If you would like to submit an article to JOAR please visit http://www.editorialmanager.com/joar/ and create an author profile. The online system will guide you through the steps to upload your article for submission to the editorial office.

The journal encourages authors to submit unsolicited articles and comprehensive review essays. All academic articles should be approximately 8,000-10,000 words long. Comprehensive review essays should be about 5,000 words in length. An abstract of approximately 150 words must accompany each manuscript. All articles and comprehensive review essays will be peer-reviewed.

Authors interested in contributing short review essays (of two to five recent works) and ideas for round-table discussions should contact the editors before submitting a manuscript. Short review essays and round-table comments, which are not peer reviewed, should be approximately 1,500 to 3,000 words in length. Abstracts should be no more than 50 words long. All manuscripts must follow the current edition of the Chicago Manual of Style. Manuscripts must be submitted as a Microsoft Word document (Times New Roman font, size 12, flush left, double spaced). Citations should be in endnotes.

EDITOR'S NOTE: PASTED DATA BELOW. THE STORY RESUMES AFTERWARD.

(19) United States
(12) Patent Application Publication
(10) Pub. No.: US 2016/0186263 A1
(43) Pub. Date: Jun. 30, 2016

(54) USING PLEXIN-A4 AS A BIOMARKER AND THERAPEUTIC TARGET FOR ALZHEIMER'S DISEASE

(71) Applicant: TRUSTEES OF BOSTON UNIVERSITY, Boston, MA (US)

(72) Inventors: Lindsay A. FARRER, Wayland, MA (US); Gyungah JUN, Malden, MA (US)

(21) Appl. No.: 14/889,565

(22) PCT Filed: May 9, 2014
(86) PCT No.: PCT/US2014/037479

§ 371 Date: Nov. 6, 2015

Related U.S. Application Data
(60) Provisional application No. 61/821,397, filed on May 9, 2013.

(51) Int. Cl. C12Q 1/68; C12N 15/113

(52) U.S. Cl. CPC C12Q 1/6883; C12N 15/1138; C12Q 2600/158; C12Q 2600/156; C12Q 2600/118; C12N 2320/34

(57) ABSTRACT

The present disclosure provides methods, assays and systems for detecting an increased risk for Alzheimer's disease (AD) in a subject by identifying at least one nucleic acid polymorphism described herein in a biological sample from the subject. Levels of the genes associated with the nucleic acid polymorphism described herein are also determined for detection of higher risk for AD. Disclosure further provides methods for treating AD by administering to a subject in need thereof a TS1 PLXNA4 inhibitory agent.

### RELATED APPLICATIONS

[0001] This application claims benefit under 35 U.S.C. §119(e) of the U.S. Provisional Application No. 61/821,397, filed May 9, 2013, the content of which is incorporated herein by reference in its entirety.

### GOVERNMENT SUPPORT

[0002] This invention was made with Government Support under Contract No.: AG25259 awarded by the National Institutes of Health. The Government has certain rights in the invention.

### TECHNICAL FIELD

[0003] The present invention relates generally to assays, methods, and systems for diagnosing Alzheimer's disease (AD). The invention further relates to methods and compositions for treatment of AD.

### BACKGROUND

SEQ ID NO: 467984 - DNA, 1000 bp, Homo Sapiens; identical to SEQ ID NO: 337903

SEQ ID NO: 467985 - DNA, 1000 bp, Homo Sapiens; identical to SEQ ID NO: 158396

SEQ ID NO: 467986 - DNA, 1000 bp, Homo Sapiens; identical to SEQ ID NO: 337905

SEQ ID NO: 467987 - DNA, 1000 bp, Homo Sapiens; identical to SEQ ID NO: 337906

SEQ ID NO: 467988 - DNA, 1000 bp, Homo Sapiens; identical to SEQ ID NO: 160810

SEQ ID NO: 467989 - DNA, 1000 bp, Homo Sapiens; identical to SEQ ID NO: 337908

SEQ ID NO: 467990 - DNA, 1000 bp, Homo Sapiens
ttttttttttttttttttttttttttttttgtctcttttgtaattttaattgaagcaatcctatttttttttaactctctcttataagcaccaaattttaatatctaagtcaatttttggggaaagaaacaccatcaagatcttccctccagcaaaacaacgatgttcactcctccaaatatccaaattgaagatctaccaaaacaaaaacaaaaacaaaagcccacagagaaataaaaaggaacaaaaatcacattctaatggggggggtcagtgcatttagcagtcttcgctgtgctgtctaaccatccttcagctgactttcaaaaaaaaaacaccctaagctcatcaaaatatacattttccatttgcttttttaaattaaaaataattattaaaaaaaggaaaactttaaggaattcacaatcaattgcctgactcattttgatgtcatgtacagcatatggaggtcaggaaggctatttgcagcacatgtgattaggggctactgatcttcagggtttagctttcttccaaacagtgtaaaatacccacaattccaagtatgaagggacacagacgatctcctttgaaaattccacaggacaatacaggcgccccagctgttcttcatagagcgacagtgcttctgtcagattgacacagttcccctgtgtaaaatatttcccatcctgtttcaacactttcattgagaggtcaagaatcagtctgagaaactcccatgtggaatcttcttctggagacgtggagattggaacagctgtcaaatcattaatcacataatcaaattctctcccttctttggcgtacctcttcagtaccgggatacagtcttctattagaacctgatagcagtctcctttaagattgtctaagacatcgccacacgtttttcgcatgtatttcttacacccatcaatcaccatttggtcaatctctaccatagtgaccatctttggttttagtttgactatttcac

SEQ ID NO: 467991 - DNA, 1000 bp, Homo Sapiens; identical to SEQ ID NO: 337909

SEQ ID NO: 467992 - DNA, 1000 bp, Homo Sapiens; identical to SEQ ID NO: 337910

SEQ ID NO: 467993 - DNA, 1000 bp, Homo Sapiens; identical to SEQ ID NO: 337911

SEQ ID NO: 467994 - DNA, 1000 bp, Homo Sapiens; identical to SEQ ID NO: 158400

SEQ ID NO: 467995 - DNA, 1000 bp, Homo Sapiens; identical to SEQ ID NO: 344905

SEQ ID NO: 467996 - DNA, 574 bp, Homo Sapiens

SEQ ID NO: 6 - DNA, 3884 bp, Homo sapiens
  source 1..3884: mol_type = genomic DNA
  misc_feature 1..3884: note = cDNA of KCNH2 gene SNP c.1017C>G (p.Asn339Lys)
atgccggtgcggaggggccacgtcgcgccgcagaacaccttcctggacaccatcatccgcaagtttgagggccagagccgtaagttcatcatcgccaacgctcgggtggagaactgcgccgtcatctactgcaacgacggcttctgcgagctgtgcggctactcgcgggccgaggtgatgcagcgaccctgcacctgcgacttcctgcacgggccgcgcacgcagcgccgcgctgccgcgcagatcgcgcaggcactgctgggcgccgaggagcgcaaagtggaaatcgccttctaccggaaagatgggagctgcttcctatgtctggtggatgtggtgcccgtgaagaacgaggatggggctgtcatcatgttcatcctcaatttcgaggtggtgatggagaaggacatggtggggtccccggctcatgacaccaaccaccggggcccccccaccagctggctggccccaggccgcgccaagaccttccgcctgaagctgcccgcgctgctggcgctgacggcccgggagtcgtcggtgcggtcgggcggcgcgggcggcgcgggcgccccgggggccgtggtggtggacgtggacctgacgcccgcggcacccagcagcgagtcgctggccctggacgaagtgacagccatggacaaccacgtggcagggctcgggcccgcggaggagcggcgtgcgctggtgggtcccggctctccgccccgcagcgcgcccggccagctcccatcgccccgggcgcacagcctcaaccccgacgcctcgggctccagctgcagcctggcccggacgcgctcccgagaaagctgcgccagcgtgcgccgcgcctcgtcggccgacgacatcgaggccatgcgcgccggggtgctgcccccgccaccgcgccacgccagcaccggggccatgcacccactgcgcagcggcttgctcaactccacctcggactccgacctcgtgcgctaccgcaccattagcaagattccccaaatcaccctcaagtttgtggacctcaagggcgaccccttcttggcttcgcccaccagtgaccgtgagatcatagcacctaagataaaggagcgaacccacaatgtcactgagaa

Materials submitted to the Journal of Africana Religions (JOAR) must not have been previously published nor submitted for publication elsewhere while under review by JOAR editors.

Institutional Print & Online - $233.00

Institutional Print or Online - $160.00

Institutional Single Issue - $87.00

Individual Print & Online - $70.00

Individual Print or Online - $49.00

Individual Single Issue - $33.00

Outside US add Shipping & Handling - $18.00